US-China: Deal or no deal?

By Lachlan Maddock
 — 1 minute read

The prospects of a US-China trade deal have been cast into uncertainty following the cancellation of the APEC summit in Chile. But that’s not the only thing hurting its chances.

Under the so-called “phase one” deal, which was meant to be discussed at APEC, the US would agree to suspend an upcoming tariff hike while China would buy US$50 billion in American agricultural goods. The deal wouldn’t remove any of the tariffs already imposed. 

The “phase one” is extremely minor in scope, and does not encompass anything to do with IP theft – the problem upon which much of the trade war is contrived – or China’s efforts to become the high-quality goods manufacturer in the near future (Made in China 2025). But according to President Donald Trump – and let’s not put much stock in any sentence that starts that way – “phase one” deal will be “about 60 per cent of total deal” (sic). 


Now, given that the deal wasn’t signed, and still hasn’t been, it’s impossible to determine exactly what its effects will be. But there’s no clear path to a “phase two”, and what started off as a supposedly economic dispute has rapidly taken on political dimensions that will substantially complicate matters.

Both President Trump and Xi Jinping stand to lose face if they back down on their conditions. Trump has tied his trade policy to the economic fate of what he believes to be his core constituents – farmers, miners, and factory workers. A deal that is perceived to reward China in some way, via the removal of tariffs or implementation of other favourable policies, could hurt the chances of Trump in 2020.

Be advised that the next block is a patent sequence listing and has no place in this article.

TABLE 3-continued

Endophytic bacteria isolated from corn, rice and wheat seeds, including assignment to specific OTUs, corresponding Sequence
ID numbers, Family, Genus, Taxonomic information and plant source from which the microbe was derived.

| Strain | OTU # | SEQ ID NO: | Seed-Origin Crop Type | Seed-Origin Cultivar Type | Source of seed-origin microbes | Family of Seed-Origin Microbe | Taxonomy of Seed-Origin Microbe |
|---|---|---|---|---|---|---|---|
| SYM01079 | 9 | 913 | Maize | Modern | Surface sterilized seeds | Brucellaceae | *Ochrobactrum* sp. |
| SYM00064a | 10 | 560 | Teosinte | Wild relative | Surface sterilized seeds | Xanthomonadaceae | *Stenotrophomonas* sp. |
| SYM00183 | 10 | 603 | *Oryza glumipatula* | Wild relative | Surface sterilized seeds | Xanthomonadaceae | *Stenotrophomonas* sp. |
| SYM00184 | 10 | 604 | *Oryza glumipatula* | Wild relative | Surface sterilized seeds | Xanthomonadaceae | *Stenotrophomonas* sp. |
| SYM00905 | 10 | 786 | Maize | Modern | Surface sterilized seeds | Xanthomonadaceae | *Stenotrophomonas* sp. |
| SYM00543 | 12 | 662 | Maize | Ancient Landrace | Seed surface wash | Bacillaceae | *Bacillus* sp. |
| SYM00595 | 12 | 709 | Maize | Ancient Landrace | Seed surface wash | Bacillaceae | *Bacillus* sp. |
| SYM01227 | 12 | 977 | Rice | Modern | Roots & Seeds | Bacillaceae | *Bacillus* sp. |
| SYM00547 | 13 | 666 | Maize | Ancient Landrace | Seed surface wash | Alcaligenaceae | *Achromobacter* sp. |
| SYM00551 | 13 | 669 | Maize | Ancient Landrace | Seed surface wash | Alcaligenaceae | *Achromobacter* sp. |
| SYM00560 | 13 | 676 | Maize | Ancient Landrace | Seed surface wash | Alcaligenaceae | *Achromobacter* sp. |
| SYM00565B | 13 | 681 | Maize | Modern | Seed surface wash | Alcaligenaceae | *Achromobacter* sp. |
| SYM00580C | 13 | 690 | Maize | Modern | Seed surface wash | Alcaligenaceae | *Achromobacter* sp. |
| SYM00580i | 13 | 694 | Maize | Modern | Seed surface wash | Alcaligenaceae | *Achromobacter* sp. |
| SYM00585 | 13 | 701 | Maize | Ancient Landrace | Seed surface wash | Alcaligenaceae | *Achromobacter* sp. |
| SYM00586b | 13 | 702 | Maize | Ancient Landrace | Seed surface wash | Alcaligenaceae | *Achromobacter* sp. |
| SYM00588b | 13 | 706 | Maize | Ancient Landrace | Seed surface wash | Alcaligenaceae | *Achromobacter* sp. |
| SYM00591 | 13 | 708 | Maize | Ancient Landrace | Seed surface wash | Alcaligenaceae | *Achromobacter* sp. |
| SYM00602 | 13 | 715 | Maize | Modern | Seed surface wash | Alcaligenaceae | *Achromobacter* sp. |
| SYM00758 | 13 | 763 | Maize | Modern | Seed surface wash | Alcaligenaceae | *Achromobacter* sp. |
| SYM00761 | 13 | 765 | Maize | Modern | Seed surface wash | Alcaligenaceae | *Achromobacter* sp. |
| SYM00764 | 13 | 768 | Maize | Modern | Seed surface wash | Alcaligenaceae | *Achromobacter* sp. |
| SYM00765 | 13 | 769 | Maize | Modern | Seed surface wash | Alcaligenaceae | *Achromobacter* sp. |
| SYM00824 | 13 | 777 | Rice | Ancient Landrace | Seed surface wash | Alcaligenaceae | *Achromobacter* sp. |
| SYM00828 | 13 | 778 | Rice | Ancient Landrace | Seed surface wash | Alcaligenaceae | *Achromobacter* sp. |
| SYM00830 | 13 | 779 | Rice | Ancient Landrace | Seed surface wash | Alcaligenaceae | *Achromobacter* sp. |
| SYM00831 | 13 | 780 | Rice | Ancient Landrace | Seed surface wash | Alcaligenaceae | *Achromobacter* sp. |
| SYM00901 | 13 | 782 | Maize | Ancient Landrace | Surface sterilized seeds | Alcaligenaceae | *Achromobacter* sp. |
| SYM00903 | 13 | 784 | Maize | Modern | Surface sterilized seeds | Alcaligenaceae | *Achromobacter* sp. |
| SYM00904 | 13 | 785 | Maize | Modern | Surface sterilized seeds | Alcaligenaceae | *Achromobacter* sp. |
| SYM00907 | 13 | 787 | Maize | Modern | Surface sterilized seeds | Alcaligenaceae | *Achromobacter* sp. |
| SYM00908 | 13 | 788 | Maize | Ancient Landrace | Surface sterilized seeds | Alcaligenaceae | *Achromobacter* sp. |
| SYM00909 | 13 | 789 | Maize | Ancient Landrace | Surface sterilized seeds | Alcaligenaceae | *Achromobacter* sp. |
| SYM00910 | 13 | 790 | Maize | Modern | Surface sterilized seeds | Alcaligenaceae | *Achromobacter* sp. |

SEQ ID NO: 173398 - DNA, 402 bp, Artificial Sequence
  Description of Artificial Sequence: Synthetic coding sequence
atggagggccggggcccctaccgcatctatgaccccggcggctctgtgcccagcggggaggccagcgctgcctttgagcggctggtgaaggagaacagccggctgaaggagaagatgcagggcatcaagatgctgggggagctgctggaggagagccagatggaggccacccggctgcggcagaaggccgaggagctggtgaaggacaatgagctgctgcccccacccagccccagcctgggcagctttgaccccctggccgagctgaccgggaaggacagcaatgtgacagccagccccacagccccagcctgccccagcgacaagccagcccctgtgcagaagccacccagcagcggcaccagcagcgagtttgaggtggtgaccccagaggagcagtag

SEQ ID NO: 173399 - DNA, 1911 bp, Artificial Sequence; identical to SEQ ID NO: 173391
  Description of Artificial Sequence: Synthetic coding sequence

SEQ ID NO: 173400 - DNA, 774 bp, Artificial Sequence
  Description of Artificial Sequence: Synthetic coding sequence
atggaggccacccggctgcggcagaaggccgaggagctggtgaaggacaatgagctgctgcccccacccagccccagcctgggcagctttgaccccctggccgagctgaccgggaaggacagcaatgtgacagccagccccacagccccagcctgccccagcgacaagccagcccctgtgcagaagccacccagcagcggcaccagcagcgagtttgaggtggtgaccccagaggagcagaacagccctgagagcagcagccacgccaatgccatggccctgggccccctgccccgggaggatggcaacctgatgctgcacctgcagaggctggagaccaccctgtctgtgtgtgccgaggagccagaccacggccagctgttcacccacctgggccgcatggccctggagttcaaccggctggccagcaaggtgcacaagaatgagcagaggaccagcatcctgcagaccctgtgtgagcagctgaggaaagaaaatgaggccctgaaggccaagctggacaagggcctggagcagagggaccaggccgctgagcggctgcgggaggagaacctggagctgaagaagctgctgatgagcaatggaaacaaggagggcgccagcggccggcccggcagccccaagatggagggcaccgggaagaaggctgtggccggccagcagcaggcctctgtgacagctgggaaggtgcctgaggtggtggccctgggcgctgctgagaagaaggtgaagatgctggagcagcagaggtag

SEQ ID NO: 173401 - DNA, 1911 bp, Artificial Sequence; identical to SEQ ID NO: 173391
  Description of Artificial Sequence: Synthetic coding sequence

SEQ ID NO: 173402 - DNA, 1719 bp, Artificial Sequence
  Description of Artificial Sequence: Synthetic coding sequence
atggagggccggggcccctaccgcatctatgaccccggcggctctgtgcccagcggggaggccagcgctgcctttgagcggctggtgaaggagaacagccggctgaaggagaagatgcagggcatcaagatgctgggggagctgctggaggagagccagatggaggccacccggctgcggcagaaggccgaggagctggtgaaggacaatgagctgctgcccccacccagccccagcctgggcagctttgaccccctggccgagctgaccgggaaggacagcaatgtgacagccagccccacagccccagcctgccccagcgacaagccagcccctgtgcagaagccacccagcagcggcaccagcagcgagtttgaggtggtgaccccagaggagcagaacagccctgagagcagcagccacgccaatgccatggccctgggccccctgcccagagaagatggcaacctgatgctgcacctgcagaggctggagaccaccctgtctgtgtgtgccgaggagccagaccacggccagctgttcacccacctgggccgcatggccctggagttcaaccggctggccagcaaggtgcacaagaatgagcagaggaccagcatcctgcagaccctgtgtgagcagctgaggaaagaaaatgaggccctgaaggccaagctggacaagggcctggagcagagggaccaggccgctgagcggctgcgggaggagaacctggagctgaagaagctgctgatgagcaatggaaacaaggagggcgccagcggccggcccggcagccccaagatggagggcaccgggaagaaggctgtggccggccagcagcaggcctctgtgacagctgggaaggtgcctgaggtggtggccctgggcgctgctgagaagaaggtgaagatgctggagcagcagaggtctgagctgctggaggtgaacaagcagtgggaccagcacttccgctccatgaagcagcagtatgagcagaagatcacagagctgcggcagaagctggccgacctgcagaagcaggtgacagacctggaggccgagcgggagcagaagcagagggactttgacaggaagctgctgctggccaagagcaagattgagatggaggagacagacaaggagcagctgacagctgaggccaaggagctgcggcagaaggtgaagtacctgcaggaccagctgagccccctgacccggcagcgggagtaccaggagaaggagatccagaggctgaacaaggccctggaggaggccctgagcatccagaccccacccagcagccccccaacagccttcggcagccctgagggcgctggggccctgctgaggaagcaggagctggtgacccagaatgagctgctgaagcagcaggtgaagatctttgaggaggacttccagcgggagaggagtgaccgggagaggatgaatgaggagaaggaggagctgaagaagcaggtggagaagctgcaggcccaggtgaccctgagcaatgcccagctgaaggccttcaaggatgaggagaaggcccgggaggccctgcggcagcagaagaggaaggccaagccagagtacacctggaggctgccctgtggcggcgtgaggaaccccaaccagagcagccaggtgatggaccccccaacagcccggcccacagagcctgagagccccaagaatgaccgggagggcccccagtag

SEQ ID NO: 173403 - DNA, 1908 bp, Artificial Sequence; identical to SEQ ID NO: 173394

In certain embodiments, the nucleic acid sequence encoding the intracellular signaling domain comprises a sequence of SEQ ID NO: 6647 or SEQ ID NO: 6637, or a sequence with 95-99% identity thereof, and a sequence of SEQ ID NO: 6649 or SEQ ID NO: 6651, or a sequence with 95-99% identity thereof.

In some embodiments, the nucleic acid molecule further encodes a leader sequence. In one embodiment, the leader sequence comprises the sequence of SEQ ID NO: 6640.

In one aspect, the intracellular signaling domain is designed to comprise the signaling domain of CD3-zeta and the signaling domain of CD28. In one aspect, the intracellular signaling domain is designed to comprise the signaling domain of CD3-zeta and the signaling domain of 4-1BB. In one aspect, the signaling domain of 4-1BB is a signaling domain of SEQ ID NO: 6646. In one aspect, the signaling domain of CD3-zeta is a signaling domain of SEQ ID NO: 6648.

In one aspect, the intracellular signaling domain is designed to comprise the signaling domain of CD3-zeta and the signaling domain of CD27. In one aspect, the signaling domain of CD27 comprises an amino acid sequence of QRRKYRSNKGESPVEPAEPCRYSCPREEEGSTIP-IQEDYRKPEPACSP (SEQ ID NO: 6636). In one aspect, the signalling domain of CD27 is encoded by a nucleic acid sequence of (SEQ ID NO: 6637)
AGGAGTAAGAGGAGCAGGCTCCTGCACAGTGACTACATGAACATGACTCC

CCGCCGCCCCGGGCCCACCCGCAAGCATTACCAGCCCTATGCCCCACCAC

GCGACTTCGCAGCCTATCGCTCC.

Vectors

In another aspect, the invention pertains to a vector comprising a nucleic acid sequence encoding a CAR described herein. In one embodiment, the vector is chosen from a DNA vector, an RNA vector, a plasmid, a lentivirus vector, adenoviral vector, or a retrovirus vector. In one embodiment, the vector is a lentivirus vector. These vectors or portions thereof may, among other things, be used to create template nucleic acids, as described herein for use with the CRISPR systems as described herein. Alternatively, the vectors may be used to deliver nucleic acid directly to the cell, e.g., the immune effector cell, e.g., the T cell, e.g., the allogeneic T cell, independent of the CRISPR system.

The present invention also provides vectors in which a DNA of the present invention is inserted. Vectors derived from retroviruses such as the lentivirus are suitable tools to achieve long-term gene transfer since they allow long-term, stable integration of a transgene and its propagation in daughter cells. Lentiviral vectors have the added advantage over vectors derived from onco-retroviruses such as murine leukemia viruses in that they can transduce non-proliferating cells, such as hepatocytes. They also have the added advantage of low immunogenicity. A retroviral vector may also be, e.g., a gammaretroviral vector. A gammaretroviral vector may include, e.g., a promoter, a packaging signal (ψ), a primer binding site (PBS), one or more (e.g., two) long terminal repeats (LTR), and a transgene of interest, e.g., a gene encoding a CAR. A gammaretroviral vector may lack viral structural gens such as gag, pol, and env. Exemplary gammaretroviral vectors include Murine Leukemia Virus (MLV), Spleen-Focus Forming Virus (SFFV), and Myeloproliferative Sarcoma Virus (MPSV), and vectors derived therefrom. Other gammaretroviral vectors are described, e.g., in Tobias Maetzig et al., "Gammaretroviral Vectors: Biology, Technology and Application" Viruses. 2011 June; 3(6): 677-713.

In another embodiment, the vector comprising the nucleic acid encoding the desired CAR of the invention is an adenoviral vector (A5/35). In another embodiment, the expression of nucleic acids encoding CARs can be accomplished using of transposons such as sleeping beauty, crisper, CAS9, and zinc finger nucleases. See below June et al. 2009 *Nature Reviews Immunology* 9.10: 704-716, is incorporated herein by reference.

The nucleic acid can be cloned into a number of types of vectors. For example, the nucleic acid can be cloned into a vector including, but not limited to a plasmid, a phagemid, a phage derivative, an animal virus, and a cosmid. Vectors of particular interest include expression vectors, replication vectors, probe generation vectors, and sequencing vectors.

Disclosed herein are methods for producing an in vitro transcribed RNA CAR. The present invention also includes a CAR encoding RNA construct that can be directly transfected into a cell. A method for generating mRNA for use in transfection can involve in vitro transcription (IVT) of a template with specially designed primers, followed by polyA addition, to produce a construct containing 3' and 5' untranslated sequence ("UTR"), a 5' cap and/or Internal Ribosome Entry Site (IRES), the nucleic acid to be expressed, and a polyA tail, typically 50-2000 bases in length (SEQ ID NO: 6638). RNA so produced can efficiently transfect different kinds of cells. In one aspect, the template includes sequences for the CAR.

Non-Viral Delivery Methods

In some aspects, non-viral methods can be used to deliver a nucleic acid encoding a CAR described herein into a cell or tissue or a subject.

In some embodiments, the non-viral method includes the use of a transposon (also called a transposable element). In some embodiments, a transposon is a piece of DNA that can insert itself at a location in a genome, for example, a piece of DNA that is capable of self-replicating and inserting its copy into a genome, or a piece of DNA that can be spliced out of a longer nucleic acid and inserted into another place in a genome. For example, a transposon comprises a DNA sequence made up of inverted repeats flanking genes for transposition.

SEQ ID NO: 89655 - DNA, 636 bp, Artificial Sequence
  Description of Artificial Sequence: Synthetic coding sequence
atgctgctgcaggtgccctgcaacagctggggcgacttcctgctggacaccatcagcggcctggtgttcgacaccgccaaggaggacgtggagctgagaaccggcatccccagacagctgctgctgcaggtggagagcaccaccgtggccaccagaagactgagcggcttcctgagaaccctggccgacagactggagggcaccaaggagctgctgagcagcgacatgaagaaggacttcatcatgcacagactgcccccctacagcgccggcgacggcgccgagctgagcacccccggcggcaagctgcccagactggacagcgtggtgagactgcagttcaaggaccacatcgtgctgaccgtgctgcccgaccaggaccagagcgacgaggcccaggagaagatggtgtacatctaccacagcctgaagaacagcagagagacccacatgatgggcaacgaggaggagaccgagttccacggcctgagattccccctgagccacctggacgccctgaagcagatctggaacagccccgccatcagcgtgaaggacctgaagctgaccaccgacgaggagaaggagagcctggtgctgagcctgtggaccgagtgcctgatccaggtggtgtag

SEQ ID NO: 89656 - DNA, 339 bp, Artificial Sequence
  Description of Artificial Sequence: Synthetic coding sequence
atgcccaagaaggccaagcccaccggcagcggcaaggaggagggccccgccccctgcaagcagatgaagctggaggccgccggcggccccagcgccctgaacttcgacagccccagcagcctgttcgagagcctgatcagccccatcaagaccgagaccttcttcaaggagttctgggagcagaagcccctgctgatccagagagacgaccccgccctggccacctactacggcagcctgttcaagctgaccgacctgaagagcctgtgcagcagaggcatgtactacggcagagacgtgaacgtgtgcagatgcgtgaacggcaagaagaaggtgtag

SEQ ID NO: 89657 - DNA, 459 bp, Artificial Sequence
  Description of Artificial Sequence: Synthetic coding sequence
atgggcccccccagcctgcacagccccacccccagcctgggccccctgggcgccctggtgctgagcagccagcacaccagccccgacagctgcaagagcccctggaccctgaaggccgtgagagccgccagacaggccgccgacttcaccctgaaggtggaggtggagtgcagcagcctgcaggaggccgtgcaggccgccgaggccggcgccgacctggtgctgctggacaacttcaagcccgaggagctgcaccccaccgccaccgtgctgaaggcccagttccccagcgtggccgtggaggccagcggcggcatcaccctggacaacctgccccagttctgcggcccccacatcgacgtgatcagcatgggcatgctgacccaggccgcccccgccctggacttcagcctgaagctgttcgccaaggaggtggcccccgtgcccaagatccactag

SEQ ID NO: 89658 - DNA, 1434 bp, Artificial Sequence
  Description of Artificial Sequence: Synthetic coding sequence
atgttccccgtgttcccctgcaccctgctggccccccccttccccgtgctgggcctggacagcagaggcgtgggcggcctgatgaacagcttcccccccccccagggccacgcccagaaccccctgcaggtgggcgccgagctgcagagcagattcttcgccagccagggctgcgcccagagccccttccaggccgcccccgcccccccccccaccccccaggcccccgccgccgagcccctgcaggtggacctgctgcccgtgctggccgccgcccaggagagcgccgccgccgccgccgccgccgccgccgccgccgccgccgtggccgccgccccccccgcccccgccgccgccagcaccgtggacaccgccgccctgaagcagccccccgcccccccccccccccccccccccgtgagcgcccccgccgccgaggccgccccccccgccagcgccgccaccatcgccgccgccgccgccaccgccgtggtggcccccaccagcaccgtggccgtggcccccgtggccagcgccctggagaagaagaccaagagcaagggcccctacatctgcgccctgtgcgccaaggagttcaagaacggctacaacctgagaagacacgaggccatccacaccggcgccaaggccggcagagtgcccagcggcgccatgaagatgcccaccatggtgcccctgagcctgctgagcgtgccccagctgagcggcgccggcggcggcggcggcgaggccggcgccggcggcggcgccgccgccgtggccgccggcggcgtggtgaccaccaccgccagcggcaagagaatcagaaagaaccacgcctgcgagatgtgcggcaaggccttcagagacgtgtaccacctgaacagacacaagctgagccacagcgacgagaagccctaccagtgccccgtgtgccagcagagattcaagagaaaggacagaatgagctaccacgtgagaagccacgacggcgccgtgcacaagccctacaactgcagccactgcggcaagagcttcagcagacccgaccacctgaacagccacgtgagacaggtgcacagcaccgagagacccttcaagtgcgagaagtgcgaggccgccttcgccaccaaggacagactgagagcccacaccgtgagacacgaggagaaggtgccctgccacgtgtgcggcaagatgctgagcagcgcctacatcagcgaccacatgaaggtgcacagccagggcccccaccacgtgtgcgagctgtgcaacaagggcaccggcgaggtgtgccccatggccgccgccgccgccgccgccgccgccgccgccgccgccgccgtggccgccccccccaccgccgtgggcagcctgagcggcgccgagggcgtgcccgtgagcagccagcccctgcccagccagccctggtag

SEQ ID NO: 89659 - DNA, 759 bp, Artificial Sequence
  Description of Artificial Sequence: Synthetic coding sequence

Meanwhile, heavy subsidisation of China’s state-owned enterprises has drawn America’s ire – but this policy is central to Made in China 2025, which (despite its name) is meant to ensure China’s manufacturing primacy into the middle of the century. It’s extremely doubtful Xi will agree to roll back this policy, unless he’s pushed – and it’s unclear whether the US has enough strength to make that push.

There is no scenario that is equally beneficial to both countries, at least in the long term. The US and China might strike a short-term deal that addresses some of the concerns in the dispute, but it’s unlikely this will be parlayed into long-term reform on either side. 

China has continued its rapid consolidation of military and economic power throughout Asia and the rest of the world while the US has seen its own power stretched thin by foreign wars, increasing inequality, and social division. The idea that President Trump would abandon his protectionist rhetoric and policies within this context is ludicrous, and the fact the market rallies every time he tweets about the deal is telling. People are desperate for a break in the trade war, and they might just get one. But they shouldn’t expect it to last.


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US-China: Deal or no deal?
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